PMCID: PMC2839882  PMID: 12586746
caloric restriction; aging; C57BL/6; DBA/2; B6D2F1
14.  Dissociation of functional status from accrual of CML and RAGE in the aged mouse brain 
Experimental gerontology  2008;43(12):1077-1085.
The objectives of this study were: (i) to identify regions of the aged mouse brain in which advanced glycation end-products (AGEs) were increased, and (ii) assess the functional significance of AGEs by assessing the extent to which they could predict age-related brain dysfunction. Densitometric analyses of immunoblots for N epsilon-(carboxymethyl)lysine (CML), a predominant AGE, and receptor for AGE (RAGE), were performed in different brain regions of mice aged 8 or 25 months. The 25-month-old mice were tested for ability to perform on tests of cognitive and psychomotor function prior to assessment of CML or RAGE, to determine if immunostaining results could predict functional impairment among the older mice. The amounts of CML increased with age in cortex, hippocampus, striatum and midbrain, but were unchanged in the brainstem and cerebellum. Increases in RAGE were evident in all brain regions but the hippocampus, and were not linked to increased amounts of CML. Different statistical approaches each failed to reveal any strong association between the degree of age-related functional impairment among individual mice and amounts of CML or RAGE in any particular region of the brain. The findings from this study suggest that accrual of CML and expression of RAGE in different brain regions are time-related phenomena that do not account for individual differences in brain aging or cognitive decline.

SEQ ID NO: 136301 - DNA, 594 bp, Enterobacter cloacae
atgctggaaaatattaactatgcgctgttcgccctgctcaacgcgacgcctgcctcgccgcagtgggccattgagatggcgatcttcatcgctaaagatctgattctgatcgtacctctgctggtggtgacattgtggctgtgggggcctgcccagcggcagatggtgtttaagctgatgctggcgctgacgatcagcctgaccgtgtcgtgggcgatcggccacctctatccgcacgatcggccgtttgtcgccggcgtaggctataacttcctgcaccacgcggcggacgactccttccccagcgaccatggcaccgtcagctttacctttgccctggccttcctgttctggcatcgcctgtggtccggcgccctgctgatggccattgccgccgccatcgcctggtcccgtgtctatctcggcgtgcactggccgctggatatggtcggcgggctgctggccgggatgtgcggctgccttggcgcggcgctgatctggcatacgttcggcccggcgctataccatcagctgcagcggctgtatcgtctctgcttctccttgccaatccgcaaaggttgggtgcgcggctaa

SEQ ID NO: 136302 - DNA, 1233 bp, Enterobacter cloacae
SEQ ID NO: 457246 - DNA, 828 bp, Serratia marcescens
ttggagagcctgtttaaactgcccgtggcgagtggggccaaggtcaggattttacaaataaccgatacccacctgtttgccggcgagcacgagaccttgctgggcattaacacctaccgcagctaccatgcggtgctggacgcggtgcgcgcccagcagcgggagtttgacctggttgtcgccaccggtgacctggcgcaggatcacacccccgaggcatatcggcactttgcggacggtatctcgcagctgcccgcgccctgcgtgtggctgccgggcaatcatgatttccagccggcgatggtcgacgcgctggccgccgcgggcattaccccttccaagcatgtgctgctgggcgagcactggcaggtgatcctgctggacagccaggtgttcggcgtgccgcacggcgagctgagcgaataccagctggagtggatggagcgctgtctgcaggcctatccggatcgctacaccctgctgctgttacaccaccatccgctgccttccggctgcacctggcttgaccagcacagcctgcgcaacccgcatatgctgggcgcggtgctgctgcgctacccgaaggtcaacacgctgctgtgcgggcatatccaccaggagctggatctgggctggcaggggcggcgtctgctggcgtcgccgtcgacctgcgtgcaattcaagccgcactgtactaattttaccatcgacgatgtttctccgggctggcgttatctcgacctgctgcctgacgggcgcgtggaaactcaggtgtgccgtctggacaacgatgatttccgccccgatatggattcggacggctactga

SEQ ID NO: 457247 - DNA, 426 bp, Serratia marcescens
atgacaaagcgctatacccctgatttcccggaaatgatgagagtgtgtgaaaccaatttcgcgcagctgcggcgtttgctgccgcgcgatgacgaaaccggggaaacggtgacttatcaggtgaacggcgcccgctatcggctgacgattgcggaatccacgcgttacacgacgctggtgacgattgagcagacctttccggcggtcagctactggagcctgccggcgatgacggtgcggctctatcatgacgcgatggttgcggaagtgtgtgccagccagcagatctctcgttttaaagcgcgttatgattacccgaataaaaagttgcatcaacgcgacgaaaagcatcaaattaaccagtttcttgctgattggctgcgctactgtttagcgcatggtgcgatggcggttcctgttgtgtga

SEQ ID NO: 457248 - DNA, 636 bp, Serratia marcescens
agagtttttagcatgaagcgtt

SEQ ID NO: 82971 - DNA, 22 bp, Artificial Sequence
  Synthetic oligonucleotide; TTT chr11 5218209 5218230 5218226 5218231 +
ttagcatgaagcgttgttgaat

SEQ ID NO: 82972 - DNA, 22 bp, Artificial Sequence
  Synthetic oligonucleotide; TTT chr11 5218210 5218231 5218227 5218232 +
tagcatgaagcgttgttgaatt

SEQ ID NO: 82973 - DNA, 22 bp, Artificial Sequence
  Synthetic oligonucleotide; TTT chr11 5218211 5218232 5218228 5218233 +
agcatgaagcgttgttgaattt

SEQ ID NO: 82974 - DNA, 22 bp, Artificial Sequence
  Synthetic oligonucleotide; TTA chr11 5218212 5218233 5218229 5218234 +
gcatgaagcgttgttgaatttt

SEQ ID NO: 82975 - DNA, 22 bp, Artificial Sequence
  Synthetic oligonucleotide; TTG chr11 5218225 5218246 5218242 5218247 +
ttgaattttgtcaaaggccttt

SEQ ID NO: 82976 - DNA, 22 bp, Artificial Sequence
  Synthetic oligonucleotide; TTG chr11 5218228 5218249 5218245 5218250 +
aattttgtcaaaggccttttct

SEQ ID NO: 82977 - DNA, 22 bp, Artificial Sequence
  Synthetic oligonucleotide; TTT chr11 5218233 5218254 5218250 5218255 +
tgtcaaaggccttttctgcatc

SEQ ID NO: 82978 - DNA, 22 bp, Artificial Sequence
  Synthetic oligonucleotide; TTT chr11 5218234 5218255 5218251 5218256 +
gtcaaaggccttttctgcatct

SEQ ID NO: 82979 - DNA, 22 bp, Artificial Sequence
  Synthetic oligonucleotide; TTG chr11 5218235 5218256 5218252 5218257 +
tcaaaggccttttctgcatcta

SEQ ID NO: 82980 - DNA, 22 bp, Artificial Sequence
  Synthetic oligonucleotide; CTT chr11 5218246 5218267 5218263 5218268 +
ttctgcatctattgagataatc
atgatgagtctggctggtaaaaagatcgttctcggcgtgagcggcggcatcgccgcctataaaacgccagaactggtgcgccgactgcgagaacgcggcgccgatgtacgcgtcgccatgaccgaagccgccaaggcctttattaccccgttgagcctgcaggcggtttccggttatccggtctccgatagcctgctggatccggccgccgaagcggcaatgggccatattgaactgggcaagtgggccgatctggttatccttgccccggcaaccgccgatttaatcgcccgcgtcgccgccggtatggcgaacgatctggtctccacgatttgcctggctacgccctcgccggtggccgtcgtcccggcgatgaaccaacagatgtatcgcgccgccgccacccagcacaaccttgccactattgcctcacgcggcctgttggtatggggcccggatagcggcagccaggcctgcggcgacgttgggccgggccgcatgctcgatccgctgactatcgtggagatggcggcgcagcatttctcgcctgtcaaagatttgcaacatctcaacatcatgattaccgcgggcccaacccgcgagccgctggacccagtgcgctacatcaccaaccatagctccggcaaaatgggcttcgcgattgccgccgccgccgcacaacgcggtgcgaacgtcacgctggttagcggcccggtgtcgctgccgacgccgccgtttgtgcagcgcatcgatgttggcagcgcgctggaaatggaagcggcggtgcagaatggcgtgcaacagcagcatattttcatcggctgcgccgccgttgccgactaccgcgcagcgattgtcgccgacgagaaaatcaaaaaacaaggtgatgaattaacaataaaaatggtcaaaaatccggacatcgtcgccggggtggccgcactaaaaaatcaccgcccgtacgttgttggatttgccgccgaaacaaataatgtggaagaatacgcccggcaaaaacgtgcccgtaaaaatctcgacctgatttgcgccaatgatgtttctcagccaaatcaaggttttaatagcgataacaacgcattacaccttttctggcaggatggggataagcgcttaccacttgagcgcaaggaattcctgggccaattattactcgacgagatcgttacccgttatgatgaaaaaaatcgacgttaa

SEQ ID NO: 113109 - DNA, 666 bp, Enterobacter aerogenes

PMCID: PMC2698668  PMID: 18783731